Monte Irvin, who helped integrate major league baseball, dies at 96
Fred Jeter | 1/15/2016, 7:18 a.m.
Monte Irvin, a trailblazing baseball star and the oldest surviving Negro Leagues player, died Tuesday, Jan. 12, 2016, of natural causes at a retirement community in Houston. He was 96.
Had it not been for a contractual issue with the Negro Leagues’ Newark Eagles in New Jersey, Mr. Irvin — and not Jackie Robinson — might have been the first African-American to play in the modern big leagues.
Eagles owner Effa Manley would not allow Brooklyn Dodgers owner Branch Rickey to acquire Mr. Irvin without financial compensation.
Instead, Mr. Rickey signed Mr. Robinson in 1945 without having to compensate his Negro Leagues squad, the Kansas City Monarchs.
Mr. Irvin, who grew up in Orange, N.J., had been the choice of the Negro Leagues executives to be the first African-American to play Major League Baseball. He had played with the Eagles from 1938 to 1948, with several seasons interrupted by his service in World War II. According to the National Baseball Hall of Fame and Museum, Mr. Irvin’s Army unit was deployed to the secondary line during the Battle of the Bulge.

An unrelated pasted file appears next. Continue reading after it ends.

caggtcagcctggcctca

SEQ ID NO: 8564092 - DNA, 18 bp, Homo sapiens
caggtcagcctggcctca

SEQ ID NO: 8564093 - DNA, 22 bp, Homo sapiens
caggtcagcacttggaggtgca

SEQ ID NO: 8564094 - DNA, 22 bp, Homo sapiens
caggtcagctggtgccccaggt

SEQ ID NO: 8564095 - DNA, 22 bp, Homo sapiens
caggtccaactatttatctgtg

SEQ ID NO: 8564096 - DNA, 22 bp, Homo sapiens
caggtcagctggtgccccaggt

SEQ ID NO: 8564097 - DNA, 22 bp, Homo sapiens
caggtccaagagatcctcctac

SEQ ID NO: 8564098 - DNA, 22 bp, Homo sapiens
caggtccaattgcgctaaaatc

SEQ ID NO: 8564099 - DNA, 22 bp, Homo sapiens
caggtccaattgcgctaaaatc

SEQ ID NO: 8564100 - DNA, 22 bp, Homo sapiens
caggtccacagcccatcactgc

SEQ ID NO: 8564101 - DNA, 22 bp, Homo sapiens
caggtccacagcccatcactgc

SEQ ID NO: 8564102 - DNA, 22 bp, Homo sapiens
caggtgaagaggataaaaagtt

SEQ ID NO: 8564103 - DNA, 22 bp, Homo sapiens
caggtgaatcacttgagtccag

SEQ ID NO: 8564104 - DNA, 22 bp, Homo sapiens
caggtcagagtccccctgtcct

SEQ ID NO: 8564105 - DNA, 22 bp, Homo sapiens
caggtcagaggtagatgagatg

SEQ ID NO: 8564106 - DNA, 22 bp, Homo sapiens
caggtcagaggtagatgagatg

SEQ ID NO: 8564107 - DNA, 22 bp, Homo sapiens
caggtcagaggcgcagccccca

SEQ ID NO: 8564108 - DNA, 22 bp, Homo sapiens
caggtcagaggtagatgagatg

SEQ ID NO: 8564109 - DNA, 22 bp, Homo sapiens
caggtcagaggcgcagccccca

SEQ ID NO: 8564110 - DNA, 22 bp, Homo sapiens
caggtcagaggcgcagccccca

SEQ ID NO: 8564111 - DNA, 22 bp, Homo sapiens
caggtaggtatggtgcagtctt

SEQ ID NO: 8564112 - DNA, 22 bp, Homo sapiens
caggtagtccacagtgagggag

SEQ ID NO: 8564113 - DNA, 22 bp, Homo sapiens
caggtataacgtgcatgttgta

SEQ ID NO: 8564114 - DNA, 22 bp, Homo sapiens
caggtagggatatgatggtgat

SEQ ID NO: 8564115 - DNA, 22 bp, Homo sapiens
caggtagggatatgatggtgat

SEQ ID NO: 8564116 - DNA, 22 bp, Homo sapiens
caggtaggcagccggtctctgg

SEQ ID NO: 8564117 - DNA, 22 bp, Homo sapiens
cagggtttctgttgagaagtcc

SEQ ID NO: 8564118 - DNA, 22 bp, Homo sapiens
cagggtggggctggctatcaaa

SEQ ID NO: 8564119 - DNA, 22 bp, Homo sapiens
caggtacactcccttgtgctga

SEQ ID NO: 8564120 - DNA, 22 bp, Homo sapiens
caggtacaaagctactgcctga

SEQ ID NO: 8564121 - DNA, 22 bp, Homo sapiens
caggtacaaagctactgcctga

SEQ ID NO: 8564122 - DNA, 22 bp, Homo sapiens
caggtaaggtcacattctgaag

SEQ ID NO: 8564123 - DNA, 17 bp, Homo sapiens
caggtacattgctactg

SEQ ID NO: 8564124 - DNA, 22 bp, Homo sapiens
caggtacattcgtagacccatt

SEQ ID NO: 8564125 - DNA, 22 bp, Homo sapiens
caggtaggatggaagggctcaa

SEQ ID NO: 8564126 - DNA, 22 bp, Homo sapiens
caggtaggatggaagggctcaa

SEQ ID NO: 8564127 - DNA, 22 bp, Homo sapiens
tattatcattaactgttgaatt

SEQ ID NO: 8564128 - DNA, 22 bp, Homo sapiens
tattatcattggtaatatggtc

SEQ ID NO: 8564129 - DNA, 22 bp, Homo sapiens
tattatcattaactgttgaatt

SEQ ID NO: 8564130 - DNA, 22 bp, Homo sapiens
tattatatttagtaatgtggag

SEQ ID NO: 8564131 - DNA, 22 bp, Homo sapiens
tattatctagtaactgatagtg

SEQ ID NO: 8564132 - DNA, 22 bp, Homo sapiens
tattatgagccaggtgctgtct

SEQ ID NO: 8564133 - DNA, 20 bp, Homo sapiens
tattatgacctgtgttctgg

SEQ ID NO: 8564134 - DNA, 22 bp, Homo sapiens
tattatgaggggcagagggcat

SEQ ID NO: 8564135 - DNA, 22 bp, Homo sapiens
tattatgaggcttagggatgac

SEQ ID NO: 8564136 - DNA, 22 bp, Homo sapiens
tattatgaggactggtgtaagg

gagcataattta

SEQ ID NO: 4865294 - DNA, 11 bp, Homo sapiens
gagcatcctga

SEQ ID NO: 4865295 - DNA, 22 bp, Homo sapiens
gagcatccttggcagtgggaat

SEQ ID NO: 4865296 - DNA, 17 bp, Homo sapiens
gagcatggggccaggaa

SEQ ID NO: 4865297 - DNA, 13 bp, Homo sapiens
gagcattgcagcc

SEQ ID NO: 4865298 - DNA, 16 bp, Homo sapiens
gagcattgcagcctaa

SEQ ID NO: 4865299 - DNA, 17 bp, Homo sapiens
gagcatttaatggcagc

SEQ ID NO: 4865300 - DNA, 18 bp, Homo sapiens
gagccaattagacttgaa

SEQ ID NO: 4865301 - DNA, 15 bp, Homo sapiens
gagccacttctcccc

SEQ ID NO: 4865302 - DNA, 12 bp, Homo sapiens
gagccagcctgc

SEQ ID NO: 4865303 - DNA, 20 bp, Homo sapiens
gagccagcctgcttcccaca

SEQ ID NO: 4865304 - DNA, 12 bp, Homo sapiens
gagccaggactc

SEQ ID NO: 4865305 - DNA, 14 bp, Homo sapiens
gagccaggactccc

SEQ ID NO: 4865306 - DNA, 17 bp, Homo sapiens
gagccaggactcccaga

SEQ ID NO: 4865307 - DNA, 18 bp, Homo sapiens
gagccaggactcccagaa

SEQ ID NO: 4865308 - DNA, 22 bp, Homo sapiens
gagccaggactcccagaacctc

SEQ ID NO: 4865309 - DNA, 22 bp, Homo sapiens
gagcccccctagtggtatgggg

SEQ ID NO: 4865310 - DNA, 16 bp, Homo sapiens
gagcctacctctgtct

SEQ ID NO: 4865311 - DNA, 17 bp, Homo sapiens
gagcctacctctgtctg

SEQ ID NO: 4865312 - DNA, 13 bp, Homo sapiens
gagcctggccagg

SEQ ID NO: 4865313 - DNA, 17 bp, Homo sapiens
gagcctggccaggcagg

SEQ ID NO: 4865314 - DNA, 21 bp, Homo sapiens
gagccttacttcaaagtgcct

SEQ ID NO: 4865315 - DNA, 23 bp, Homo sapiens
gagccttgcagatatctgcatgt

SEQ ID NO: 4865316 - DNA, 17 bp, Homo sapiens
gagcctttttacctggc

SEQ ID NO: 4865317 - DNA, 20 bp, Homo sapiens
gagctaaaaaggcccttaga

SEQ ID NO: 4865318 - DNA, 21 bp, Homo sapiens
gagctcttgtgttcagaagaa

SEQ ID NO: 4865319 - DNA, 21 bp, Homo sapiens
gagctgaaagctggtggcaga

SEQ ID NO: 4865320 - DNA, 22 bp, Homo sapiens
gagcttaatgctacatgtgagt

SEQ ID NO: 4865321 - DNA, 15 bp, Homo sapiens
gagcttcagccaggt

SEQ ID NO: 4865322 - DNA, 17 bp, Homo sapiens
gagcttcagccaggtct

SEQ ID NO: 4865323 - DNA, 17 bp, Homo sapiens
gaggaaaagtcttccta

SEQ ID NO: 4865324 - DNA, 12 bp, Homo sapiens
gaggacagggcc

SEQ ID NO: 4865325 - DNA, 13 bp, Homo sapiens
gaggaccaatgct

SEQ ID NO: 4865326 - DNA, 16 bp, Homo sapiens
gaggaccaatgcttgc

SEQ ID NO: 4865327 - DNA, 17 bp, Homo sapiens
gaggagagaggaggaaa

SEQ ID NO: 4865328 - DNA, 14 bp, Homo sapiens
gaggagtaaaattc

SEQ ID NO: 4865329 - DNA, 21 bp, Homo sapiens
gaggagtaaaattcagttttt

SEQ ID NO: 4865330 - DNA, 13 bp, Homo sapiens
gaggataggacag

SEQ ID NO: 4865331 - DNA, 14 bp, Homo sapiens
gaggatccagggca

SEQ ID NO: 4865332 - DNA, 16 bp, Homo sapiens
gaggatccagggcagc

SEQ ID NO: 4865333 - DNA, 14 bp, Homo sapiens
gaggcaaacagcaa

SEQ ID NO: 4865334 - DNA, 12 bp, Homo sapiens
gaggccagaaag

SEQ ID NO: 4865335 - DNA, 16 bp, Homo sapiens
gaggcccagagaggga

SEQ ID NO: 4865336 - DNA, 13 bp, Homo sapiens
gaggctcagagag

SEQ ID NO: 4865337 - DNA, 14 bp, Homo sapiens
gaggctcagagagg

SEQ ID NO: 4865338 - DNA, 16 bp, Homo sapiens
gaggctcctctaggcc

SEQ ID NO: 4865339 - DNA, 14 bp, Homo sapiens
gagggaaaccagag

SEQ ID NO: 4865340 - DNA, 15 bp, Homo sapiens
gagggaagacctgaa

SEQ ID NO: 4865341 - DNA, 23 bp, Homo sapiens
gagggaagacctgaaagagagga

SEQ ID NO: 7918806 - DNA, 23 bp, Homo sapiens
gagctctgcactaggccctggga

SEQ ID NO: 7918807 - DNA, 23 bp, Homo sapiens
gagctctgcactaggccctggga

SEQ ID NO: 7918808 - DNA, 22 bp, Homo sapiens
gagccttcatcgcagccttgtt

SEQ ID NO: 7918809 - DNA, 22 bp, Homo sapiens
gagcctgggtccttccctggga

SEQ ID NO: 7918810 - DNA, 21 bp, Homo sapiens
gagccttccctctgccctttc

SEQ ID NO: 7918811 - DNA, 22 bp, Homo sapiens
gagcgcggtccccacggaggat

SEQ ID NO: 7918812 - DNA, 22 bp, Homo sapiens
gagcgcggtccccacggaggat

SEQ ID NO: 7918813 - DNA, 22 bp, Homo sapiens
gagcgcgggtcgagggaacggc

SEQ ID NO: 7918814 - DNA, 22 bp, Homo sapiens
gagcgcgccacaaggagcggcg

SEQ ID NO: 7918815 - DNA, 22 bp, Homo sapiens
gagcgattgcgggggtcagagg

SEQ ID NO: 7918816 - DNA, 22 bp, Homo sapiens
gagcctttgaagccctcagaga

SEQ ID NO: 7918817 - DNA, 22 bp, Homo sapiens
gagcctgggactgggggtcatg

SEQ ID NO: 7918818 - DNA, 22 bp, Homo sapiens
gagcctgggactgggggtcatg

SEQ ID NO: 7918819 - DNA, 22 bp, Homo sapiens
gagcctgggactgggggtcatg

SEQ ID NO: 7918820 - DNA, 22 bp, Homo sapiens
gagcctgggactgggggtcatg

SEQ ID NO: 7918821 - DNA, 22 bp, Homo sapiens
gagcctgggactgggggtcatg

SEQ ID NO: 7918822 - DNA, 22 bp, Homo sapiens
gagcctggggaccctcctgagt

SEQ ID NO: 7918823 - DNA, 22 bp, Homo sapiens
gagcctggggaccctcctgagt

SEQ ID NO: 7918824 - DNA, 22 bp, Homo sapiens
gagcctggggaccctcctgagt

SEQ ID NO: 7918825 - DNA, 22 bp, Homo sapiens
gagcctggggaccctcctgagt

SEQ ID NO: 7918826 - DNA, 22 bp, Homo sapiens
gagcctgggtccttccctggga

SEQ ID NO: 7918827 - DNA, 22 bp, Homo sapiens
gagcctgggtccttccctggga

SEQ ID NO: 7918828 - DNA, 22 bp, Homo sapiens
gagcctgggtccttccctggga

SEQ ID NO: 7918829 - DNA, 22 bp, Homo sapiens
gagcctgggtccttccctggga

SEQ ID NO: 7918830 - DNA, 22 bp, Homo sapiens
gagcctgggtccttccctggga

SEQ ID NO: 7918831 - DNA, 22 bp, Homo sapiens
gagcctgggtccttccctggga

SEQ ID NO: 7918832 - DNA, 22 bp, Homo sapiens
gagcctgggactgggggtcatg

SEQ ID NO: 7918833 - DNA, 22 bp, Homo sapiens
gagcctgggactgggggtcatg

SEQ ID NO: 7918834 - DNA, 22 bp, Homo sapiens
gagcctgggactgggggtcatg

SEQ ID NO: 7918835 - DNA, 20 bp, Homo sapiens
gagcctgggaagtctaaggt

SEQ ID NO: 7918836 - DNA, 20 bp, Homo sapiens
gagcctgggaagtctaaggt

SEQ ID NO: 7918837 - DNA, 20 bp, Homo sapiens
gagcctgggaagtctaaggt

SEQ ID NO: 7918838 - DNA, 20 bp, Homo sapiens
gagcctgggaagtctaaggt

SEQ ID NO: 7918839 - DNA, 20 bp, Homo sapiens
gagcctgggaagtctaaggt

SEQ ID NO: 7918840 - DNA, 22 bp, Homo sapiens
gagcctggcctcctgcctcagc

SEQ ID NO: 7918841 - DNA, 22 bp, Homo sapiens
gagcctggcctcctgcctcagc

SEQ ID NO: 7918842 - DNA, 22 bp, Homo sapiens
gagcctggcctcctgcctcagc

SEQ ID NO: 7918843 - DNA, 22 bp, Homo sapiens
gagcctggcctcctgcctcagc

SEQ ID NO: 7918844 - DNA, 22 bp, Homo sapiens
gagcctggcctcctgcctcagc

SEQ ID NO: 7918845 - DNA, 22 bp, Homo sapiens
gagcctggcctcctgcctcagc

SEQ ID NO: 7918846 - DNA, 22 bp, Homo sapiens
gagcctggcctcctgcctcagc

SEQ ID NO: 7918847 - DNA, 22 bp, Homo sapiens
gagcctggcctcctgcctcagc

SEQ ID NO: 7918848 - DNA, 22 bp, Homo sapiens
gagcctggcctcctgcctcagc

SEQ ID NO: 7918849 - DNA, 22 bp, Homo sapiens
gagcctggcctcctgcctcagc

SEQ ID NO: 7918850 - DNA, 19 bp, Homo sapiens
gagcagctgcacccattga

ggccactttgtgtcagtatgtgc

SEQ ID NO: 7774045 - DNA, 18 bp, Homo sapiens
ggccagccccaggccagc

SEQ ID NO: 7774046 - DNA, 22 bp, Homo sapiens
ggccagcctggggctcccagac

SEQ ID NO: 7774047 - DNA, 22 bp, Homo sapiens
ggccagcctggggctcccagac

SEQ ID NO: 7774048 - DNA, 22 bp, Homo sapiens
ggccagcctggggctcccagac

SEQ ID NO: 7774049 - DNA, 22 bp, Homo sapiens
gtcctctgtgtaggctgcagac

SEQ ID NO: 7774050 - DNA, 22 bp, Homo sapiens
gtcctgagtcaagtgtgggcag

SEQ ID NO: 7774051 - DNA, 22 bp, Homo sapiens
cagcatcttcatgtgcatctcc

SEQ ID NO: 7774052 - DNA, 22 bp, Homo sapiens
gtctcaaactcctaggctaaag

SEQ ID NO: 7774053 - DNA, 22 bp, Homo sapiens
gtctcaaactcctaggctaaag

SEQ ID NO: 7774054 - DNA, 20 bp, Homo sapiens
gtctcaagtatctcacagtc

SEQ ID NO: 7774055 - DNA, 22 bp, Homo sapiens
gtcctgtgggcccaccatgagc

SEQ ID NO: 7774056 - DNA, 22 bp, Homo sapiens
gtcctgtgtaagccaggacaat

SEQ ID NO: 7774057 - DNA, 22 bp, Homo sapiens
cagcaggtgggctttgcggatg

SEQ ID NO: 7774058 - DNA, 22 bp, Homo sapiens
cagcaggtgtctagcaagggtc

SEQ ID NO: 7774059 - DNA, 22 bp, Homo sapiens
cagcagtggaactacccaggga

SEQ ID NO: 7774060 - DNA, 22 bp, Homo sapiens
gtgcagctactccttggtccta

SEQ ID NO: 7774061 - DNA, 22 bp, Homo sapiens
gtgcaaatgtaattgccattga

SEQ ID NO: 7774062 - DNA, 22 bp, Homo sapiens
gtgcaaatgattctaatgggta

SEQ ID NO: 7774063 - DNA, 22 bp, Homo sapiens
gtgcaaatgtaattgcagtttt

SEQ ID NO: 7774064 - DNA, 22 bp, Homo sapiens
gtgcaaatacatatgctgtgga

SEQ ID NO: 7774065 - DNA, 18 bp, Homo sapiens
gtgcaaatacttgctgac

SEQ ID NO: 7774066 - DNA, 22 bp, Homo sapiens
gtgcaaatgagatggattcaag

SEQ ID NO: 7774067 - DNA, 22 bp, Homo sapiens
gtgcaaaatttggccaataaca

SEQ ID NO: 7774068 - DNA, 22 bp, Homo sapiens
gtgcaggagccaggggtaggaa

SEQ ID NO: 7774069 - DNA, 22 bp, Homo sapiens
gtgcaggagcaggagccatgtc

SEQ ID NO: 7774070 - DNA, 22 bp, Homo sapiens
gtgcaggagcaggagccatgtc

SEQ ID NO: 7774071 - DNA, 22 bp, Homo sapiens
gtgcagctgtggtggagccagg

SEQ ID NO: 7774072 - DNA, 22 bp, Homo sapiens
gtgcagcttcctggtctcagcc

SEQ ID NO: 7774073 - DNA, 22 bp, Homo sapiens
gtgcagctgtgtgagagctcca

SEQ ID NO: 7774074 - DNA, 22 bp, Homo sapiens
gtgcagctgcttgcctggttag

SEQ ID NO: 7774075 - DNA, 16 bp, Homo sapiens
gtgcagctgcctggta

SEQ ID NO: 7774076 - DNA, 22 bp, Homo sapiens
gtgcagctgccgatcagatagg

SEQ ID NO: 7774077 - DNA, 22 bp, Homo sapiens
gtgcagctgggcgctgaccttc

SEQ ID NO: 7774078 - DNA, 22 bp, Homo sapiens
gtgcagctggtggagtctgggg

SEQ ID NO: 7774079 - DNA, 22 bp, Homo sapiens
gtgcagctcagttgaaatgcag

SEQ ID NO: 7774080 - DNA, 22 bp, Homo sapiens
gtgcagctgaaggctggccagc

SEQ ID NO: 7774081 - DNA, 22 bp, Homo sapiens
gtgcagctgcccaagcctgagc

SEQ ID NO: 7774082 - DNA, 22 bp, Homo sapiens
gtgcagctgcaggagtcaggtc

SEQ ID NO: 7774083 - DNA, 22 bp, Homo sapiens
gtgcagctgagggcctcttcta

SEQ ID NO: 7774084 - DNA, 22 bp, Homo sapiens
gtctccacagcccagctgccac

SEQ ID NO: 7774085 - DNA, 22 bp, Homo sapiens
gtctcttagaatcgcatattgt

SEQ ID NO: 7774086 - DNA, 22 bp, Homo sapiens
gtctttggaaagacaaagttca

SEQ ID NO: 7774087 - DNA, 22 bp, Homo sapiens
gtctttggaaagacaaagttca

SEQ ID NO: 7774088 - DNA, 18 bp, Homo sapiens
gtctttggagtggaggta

He eventually was signed by the New York Giants at age 30 on July 8, 1949. He and Hank Thompson became the Giants’ first African-American players on the same day.
While he played some initially with the Giants’ minor league team, Mr. Irvin played his first full season with the major league team in 1951. That season, Mr. Irvin, Mr. Thompson and a young Willie Mays formed the first all-black outfield in modern major leagues. He helped the Giants win the 1951 National League pennant that year in beating the Brooklyn Dodgers.
In eight seasons with the Giants and later his final season in 1956 with the Chicago Cubs, Mr. Irvin hit .293 with 99 homers and 443 runs batted in, including a National League leading 121 runs batted in 1951.
His No. 20 jersey has been retired by the Giants.
Mr. Irvin played for two World Series champions — the Negro Leagues Eagles in 1946 and the New York Giants in 1954.
He is a member of the Major League and Negro Leagues Halls of Fame, as well as halls of fame in Mexico, Puerto Rico and Cuba. Before baseball’s color line was broken, African-American players often competed in Mexico and the Caribbean to supplement their incomes during winter.
In 1968, Mr. Irvin became the first African-American executive in major league baseball when he was named assistant commissioner under Bowie Kuhn. He served in that capacity until 1984.
In 2010, Mr. Irvin threw out the first pitch of the San Francisco Giants versus the Texas Rangers World Series game. The New York Giants relocated in San Francisco in 1958. San Francisco is the big league affiliate of the Richmond Flying Squirrels.
He is survived by two daughters, Pamela Irvin Fields and Patricia Irvin Gordon. His wife, Dorinda Irvin, died in 2008.